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10-02-20-covid-19-mask-fall-campus-asian-american-student-max-mester

Penn administration denounced recent incidents of anti-Asian discrimination and violence.

Credit: Max Mester

Top Penn administrators sent an email to the Penn community denouncing rising violence and discrimination against Asians and Asian Americans during the COVID-19 pandemic.

The email, which was sent on Wednesday afternoon by President Amy Gutmann, Provost Wendell Pritchett, and Executive Vice President Craig Carnaroli, emphasized the University’s commitment to providing a supportive environment for Asian and Asian American students, faculty, and staff. Although the email did not address any specific incidents of anti-Asian hate crimes, it was sent the day after a 21-year-old man shot and killed eight people, six of whom were women of Asian descent, at two massage parlors in Atlanta and one in the Atlanta suburbs.

Yesterday's incident follows an increase in incidents of discrimination and violence directed against Asians and Asian Americans during the COVID-19 pandemic. Last March, the Federal Bureau of Investigation warned of an increase in hate crimes against Asian Americans due to an association between COVID-19 and Asian communities.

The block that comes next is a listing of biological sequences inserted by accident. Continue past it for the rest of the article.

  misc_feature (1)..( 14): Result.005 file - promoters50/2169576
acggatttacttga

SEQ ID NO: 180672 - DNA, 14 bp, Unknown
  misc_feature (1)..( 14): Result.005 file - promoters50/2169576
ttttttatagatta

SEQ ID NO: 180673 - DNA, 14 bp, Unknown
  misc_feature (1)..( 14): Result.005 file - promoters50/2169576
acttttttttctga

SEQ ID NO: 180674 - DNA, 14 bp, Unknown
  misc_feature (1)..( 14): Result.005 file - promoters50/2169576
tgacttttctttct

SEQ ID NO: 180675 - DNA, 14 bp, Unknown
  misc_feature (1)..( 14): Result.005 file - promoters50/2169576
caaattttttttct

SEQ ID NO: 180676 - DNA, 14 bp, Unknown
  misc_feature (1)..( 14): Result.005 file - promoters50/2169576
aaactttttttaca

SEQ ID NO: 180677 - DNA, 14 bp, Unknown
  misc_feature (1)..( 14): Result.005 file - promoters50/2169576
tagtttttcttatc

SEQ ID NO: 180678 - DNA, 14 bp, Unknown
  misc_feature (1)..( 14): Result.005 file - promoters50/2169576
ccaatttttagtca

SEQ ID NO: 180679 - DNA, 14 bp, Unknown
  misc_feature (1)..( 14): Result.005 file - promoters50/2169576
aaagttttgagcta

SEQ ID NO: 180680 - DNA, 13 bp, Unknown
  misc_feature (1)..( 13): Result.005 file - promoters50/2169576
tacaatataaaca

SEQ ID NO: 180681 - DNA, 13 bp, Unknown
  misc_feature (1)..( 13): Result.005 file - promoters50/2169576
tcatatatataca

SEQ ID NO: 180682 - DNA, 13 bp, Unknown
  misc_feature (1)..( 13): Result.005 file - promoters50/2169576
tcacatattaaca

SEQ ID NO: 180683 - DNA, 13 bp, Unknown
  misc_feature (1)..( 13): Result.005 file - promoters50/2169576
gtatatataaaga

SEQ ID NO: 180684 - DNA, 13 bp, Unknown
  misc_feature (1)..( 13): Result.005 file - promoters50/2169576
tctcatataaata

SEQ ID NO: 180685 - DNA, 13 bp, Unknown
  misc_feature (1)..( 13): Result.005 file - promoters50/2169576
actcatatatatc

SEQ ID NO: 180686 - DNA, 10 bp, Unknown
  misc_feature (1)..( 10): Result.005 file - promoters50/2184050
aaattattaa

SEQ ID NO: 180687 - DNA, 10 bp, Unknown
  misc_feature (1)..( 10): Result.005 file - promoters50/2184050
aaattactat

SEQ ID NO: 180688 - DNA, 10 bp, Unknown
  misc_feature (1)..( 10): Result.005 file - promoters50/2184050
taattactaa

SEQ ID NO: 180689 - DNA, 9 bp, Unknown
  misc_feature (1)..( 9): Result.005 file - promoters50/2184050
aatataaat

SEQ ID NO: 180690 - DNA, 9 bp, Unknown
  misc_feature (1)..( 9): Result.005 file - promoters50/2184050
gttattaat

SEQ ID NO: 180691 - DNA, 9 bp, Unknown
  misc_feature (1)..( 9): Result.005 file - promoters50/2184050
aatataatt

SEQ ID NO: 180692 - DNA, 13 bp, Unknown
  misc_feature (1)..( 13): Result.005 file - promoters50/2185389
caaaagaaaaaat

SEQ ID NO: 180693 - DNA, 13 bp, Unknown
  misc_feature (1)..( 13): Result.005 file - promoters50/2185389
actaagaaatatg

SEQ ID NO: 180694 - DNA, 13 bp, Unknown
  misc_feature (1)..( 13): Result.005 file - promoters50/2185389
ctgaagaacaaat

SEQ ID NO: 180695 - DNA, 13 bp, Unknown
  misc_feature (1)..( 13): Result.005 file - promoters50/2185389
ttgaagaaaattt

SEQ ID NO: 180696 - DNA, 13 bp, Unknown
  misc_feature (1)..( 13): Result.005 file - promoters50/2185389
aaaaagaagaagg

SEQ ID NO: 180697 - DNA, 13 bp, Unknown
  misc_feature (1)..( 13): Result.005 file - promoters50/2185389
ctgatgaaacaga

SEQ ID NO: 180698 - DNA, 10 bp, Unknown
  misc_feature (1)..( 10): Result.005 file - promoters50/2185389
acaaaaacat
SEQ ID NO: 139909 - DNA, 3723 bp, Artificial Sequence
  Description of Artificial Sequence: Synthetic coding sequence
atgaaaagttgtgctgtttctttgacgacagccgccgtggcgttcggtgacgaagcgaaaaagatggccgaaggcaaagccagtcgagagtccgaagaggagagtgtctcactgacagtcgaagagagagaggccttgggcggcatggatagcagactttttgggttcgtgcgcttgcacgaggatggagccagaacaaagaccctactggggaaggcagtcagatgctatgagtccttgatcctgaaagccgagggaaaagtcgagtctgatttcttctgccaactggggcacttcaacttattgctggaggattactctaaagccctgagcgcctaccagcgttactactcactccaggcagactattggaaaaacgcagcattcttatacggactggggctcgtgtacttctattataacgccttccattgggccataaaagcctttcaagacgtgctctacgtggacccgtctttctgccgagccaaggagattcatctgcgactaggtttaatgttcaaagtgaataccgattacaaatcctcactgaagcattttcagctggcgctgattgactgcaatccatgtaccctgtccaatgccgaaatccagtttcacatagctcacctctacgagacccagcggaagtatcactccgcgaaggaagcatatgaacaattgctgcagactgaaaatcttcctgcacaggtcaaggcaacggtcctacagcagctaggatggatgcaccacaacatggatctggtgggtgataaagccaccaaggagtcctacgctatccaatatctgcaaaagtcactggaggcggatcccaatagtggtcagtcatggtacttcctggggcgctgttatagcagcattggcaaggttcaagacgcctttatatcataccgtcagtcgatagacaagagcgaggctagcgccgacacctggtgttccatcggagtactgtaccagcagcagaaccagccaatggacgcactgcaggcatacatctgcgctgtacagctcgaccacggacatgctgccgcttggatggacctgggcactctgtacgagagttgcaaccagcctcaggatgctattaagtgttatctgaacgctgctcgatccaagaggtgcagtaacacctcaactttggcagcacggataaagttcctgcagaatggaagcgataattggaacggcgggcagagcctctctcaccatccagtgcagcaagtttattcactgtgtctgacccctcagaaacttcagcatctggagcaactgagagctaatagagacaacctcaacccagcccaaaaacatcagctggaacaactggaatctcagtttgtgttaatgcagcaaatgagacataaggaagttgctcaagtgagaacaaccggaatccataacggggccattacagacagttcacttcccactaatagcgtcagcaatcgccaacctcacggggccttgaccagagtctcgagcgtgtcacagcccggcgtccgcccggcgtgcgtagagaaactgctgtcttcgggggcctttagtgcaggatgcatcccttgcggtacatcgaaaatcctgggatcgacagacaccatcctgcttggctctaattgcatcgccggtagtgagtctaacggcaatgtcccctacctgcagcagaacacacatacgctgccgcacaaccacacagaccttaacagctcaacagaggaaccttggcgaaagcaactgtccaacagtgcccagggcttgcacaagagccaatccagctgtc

Many hate incidents against Asians and Asian Americans have been fueled by political leaders who blame China for the spread of COVID-19. Former President and 1968 Wharton graduate Donald Trump has frequently referred to COVID-19 as the “Chinese Virus” or the "China Virus." 

Stop AAPI Hate, a national group that collects information on hate incidents against Asian Americans and Pacific Islanders, reported almost 3,800 hate incidents that occurred from March 2020 to February 2021. AAPI women have reported 2.3 times more incidents of violence than AAPI men, according to the report.

University administrators encouraged the Penn community to engage with the Task Force on Supporting Asian and Asian American Students and Scholars, which launched last April and aims to raise awareness about anti-Asian discrimination and provide a safe space for Penn’s Asian and Asian American community through monthly discussion series and restorative healing practice circles.

School of Arts and Sciences Dean Steven J. Fluharty also send an email to students on Thursday morning condemning xenophobia and hatred, and expressing support for AAPI members of the Penn community. 

“At this time of great stress for Asian citizens and visitors across the country, we want those of Asian descent who are part of our Penn community to know that we stand strongly and proudly with you,” the Wednesday email read. “We are grateful that you are part of our university community, and we offer our full support at this most difficult and trying time.”

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